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Everything posted by morosophe

  1. ScoutTN said: If you're talking about God's Great Covenant, it absolutely has Jesus in the Old Testament books. Every chapter (that I remember, at least) has a box with "Jesus in the OT," tying in to that week's lesson, in fact. And whatever curriculum you use, remember you can work on memorizing the catechism, as well, whether that's children's for the young-un's or Shorter for the older. (Just in case it somehow slipped your mind...)
  2. I second the Fleischman, particularly McBroom and By the Great Horn Spoon! I have also enjoyed Margaret Mahy (Try The Great Piratical Rumbustification or Blood and Thunder on Hurricane Mountain). Joan Aiken's Arabel series is pretty funny, as well. (So, apparently, anything illustrated by Quentin Blake gets on my "funny" list. Although I certainly would not deny McCloskey, either. And actually, I don't find Dahl funny or even worth reading. Oh, well.) Sorry, I can't seem to figure out italicizing today.
  3. Last year, I didn't use a timeline package, and it was a lot of work. But what I did was search Google images for black and white images of whatever I wanted to add to the timeline, and printed them off. The Guesthollow site here recommends a similar approach. Several of its external links are defunct, though. If you're interested in them: The University of Texas' "Portrait Gallery of Historical Figures" Bill Ball's "Images of American Political History" Both of these look like excellent sources for timeline photos.
  4. The All About Learning Press website has a page with links to the scope and sequence for each level. They're in PDF format, but that should be fine, right? Whoops, I missed the part where you were looking for All About READING, not Spelling. Sorry! Since you say you have Level One, you can look at the PDF for Level Two (which I got from this page): Scope and Sequence are on pgs. 293-294 (pgs. 47-48 of the sample). And that's as far as the program goes, so far.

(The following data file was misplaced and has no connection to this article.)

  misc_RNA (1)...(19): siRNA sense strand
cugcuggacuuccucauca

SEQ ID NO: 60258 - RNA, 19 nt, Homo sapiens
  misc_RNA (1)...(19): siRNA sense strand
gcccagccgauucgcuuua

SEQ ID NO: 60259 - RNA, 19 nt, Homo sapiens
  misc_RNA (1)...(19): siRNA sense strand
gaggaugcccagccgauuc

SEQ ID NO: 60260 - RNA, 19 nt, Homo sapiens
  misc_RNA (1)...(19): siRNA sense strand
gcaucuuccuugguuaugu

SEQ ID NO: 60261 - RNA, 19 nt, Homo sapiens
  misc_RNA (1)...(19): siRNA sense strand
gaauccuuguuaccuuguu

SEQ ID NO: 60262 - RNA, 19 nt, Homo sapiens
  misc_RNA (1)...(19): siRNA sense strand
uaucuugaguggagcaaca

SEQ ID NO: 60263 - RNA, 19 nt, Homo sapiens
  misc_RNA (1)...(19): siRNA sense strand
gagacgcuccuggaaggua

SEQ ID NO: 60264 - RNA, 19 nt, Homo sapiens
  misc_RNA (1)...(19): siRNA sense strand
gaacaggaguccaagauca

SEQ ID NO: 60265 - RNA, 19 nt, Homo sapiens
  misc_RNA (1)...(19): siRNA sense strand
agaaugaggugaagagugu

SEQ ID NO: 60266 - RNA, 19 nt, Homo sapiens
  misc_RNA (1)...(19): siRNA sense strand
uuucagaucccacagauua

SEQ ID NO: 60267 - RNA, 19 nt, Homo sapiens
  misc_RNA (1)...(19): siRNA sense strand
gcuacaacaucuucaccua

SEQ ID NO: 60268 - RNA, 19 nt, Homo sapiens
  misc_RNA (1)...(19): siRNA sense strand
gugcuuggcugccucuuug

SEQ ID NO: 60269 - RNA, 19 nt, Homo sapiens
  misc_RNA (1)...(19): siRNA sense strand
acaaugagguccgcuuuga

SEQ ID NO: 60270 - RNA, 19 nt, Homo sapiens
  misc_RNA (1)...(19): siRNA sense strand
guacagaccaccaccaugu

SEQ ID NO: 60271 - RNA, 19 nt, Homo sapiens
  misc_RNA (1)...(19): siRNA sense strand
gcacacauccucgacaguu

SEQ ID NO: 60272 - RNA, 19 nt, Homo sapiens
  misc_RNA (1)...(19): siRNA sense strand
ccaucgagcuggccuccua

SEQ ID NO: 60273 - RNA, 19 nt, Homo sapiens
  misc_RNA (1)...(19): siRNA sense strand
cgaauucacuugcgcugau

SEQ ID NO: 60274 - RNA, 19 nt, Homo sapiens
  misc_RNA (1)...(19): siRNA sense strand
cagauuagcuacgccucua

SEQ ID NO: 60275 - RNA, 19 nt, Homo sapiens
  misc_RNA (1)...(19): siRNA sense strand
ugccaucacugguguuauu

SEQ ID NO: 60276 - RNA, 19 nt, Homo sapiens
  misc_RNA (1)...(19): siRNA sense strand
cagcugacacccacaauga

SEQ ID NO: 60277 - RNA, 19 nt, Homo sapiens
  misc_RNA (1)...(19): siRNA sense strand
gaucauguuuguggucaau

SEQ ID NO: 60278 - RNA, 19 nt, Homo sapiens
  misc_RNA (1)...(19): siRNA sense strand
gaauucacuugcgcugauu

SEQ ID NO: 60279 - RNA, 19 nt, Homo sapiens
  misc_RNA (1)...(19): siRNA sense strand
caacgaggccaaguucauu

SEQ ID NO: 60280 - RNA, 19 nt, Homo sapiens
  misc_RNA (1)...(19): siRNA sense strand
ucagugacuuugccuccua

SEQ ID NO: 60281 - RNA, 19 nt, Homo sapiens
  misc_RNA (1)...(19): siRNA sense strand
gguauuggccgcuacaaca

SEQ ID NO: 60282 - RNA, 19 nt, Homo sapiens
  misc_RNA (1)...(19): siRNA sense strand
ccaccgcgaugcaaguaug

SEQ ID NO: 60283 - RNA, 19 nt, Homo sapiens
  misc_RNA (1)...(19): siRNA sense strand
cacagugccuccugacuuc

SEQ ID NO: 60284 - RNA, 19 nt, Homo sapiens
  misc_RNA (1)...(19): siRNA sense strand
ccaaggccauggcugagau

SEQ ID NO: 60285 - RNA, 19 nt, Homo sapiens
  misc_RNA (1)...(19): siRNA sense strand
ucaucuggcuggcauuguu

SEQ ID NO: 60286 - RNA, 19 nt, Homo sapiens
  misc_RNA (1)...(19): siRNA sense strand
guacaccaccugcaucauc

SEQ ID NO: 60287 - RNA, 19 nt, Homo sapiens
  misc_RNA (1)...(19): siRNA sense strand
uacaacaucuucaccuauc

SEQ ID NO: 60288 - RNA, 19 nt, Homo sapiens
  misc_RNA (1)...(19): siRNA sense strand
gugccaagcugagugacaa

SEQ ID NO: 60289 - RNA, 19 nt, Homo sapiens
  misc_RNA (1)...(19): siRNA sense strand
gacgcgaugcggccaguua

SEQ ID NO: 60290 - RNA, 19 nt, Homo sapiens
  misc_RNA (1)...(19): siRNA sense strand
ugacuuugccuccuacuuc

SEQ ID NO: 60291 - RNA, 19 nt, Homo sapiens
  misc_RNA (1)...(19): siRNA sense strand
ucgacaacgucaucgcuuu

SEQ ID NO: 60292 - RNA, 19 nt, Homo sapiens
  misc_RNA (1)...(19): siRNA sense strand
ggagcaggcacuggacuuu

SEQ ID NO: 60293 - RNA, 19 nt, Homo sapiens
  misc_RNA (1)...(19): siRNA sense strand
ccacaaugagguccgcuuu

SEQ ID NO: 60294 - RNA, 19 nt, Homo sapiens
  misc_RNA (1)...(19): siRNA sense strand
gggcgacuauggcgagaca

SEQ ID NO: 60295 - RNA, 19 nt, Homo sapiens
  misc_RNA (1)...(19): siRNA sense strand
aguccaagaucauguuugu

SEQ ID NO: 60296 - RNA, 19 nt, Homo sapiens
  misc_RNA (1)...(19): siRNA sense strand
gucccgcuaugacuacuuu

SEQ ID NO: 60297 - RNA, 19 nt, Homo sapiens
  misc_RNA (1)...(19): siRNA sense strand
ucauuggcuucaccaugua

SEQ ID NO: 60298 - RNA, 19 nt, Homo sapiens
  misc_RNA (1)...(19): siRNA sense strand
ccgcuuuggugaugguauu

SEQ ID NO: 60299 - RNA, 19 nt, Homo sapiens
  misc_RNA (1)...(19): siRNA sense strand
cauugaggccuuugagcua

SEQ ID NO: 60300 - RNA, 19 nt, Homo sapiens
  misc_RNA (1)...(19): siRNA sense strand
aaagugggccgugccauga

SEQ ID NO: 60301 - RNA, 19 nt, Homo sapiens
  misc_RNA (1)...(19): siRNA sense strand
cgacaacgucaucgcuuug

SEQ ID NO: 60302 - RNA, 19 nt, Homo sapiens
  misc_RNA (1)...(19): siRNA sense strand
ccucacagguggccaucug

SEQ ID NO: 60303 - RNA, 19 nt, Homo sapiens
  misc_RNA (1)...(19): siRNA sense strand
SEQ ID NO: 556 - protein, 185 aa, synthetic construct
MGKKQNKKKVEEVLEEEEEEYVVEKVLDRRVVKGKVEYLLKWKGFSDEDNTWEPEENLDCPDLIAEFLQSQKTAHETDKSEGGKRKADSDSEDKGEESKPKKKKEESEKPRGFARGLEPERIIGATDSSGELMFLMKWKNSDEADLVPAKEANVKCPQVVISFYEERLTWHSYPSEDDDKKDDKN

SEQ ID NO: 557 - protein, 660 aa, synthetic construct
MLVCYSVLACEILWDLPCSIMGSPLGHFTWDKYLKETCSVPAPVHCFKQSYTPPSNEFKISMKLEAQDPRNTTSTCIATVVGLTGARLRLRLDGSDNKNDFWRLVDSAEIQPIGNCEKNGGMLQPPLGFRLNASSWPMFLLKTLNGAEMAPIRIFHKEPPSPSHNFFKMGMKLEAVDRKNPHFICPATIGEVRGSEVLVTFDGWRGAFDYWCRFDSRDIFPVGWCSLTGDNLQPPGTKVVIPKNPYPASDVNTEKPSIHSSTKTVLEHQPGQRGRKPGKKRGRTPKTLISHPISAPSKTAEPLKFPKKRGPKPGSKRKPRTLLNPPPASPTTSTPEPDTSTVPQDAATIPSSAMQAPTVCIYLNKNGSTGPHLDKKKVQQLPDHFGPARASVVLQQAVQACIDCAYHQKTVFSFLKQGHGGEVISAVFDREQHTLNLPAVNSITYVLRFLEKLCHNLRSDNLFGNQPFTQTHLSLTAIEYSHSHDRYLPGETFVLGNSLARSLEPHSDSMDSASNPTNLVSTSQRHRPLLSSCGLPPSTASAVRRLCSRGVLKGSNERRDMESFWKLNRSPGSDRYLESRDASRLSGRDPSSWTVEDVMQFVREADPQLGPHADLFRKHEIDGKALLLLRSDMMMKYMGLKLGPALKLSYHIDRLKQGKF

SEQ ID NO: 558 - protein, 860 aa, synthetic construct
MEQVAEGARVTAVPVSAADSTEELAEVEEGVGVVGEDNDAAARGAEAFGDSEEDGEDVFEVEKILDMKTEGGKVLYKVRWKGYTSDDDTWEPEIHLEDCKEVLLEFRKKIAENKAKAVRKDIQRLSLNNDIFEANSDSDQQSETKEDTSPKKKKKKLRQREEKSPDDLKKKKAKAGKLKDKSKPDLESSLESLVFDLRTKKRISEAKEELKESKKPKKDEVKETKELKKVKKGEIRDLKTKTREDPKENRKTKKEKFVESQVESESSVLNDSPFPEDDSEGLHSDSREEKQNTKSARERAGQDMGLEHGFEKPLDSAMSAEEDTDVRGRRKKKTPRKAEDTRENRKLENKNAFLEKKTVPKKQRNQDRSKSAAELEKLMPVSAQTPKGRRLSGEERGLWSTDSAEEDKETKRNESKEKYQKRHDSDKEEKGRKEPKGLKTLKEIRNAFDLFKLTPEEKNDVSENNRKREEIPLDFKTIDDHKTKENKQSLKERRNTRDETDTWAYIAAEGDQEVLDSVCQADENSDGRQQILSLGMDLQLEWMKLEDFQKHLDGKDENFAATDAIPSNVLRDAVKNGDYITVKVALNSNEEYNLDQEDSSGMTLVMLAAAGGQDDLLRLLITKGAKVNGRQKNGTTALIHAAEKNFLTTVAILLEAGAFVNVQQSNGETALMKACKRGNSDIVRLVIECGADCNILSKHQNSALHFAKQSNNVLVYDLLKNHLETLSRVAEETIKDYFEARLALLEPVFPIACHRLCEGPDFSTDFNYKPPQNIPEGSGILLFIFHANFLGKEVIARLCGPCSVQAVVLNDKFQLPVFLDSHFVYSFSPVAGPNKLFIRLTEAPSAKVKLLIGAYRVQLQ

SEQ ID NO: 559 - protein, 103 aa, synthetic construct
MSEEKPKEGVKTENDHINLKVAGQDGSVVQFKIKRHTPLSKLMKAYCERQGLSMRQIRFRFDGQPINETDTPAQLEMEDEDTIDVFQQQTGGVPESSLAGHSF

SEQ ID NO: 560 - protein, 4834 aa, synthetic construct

5. I assume you mean Teach Your Child to Read in 100 Easy Lessons? (I thought it was abbreviated 100EZ!) I have made notecards with the letters that I'm having my son trace when prompted by the lesson. I usually show him where to start and correct him if he traces really wrong, but it doesn't require the fine motor skills of actually writing. That's worked pretty well for us!
  6. Sam Samurai could work. It's number 10 in the Time Warp Trio series, but my son read it when we were studying Japan last year without any knowledge of the larger series and did just fine. For Norse mythology, I'd recommend seeing what your local library has to compare them in person. For the rest of these, these are recommendations from various places, none of which I've read myself: William the Conqueror/Battle of Hastings: The Striped Ships by Eloise McGraw. This one seems hard to find, though. Wulf the Saxon, by G. A. Henty. Twelve Bright Trumpets, by Margaret Leighton, includes a story set during this time. William Wallace In Freedom's Cause, by G. A. Henty. The Battle for Duncragglin, by Andrew H. Vanderwal.
  7. Here's the general strategy I use: Pick a topic (such as a person) you are interested in having your child color. Search for it, along with the term "coloring page," on Google Images. Hover over the images that look good to you, making sure they are large enough. (Otherwise, you'll get a lot of thumbnail versions of coloring pages where the full versions are not free.) It's worked for me, anyhow.
  8. I must admit, I learned these as a chant, and they stuck in my head pretty well that way, too. (I! You! He, She, It! We! You! They! Me! You! Him, Her, It! Us! You! Them!). We always finished up with the possessives, as well, voice climbing up to the last one in the singular and in the plural. (My, mine, your, yours, his, her, hers, its! Our, ours, your, yours, their, theirs!) It's really hard to explain a chant in writing. But I tried!
  9. Christine Miller's All Through the Ages recommends loads of excellent books for covering any particular period in history or place geographically for any school-aged child, so you can see which ones your library has. See the samples on the page linked for a better understanding of the program. And the e-book is only $20.00! Is that the kind of thing you were asking for?